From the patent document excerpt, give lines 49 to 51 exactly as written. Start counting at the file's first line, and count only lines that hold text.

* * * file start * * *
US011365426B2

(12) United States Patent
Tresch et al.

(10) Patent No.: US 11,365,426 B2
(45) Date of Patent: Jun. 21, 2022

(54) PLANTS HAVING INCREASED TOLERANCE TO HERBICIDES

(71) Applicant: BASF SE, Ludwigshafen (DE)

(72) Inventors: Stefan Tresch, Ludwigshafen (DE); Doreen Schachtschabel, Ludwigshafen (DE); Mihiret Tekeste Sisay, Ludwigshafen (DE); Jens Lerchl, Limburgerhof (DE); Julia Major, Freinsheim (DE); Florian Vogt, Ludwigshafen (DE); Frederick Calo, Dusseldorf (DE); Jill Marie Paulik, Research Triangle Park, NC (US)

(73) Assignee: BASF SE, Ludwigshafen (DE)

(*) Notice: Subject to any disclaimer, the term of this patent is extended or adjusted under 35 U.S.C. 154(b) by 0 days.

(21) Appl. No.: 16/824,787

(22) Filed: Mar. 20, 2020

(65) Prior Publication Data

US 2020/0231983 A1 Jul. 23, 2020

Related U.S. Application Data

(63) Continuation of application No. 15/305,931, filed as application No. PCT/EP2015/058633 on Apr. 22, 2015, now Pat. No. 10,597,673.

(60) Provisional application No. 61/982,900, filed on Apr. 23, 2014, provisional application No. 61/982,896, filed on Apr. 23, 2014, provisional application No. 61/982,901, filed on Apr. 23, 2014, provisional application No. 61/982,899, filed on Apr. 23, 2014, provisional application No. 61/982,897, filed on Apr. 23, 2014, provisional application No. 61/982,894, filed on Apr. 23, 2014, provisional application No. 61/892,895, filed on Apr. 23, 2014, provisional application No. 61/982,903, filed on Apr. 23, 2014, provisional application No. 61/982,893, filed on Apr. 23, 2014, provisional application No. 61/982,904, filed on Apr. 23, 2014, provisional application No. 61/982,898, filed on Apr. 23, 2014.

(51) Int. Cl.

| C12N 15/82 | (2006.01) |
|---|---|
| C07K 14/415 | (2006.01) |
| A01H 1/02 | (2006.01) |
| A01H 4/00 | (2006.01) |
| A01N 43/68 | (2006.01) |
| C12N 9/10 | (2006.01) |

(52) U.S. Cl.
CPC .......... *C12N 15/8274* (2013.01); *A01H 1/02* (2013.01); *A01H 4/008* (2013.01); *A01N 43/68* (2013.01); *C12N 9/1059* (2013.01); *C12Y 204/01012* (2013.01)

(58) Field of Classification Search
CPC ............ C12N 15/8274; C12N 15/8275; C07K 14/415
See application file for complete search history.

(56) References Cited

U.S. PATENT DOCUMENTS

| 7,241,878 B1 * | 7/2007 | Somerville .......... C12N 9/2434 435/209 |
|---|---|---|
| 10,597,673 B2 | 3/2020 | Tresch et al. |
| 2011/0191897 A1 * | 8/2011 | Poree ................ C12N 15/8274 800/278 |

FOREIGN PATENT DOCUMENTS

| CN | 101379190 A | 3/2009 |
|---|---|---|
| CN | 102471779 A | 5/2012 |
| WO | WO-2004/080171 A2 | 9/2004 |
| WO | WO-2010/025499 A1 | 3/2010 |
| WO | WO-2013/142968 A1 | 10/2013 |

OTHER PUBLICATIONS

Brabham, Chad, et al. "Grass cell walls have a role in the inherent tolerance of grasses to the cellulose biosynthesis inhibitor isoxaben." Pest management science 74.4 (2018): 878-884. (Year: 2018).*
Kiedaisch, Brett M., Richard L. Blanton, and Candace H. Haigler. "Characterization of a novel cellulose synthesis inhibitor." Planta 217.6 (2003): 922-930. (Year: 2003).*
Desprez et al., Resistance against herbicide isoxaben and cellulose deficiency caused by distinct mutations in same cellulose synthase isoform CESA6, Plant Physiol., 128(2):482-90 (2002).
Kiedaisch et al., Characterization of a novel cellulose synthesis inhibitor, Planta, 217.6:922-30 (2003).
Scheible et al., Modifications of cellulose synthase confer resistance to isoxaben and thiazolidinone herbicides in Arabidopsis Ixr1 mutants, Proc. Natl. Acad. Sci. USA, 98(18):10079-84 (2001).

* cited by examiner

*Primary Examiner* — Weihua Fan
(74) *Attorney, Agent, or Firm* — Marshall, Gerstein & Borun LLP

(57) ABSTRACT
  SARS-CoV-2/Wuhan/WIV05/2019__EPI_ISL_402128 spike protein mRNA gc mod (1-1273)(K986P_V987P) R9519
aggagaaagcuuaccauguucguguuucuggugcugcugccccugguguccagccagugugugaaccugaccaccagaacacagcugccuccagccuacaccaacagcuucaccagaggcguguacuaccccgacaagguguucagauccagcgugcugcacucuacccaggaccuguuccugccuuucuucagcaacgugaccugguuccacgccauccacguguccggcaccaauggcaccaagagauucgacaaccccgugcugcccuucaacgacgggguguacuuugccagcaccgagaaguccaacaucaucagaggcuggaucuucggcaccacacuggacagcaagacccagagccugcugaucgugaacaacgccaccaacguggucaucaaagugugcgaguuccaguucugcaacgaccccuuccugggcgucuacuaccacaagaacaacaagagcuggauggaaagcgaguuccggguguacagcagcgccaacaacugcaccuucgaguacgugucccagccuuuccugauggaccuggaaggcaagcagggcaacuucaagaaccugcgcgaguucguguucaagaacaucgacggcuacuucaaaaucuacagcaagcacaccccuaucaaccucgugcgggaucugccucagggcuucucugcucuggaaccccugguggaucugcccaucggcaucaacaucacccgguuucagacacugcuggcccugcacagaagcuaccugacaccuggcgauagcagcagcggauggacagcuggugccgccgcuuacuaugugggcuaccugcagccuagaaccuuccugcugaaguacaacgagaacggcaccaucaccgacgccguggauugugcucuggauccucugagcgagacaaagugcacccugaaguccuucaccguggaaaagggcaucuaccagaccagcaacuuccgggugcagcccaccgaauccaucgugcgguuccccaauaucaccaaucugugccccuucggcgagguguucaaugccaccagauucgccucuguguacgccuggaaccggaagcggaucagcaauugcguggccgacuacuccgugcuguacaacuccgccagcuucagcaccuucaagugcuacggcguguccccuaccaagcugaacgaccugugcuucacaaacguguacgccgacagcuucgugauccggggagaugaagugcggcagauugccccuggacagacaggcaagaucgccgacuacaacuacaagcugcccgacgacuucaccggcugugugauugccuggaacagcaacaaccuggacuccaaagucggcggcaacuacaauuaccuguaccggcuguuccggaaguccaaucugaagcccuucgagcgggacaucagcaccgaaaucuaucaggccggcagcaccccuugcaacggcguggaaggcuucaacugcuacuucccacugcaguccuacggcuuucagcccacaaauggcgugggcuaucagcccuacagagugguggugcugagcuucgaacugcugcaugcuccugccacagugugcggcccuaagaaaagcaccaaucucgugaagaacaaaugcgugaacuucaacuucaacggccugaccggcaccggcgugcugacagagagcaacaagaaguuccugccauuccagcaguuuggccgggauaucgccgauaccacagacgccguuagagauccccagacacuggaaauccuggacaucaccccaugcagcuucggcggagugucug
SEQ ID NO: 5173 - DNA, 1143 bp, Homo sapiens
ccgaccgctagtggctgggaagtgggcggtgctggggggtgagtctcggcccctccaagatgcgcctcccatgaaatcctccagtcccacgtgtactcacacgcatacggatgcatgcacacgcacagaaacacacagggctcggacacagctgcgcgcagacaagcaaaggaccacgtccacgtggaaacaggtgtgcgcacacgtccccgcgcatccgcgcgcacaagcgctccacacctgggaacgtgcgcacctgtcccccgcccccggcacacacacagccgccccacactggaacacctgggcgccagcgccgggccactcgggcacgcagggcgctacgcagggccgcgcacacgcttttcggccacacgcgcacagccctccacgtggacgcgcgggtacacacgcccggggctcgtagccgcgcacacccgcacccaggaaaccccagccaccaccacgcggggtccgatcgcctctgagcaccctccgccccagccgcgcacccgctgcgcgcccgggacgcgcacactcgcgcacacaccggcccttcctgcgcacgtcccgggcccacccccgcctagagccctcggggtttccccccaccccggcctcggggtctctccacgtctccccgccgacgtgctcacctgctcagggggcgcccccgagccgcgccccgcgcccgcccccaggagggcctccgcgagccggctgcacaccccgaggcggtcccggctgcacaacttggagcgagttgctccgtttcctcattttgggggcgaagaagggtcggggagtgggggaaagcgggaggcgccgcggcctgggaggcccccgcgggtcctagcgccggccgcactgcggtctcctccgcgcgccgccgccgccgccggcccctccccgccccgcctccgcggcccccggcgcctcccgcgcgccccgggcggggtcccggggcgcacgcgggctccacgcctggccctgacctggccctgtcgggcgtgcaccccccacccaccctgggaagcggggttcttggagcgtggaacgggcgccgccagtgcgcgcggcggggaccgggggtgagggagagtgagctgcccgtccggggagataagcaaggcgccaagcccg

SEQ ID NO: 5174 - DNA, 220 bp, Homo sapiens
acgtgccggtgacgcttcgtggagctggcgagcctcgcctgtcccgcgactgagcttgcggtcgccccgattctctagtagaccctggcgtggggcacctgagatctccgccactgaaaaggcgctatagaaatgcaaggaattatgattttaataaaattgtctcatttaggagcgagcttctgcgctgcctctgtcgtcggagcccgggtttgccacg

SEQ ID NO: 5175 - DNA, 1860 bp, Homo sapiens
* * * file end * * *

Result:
Scheible et al., Modifications of cellulose synthase confer resistance to isoxaben and thiazolidinone herbicides in Arabidopsis Ixr1 mutants, Proc. Natl. Acad. Sci. USA, 98(18):10079-84 (2001).

* cited by examiner

*Primary Examiner* — Weihua Fan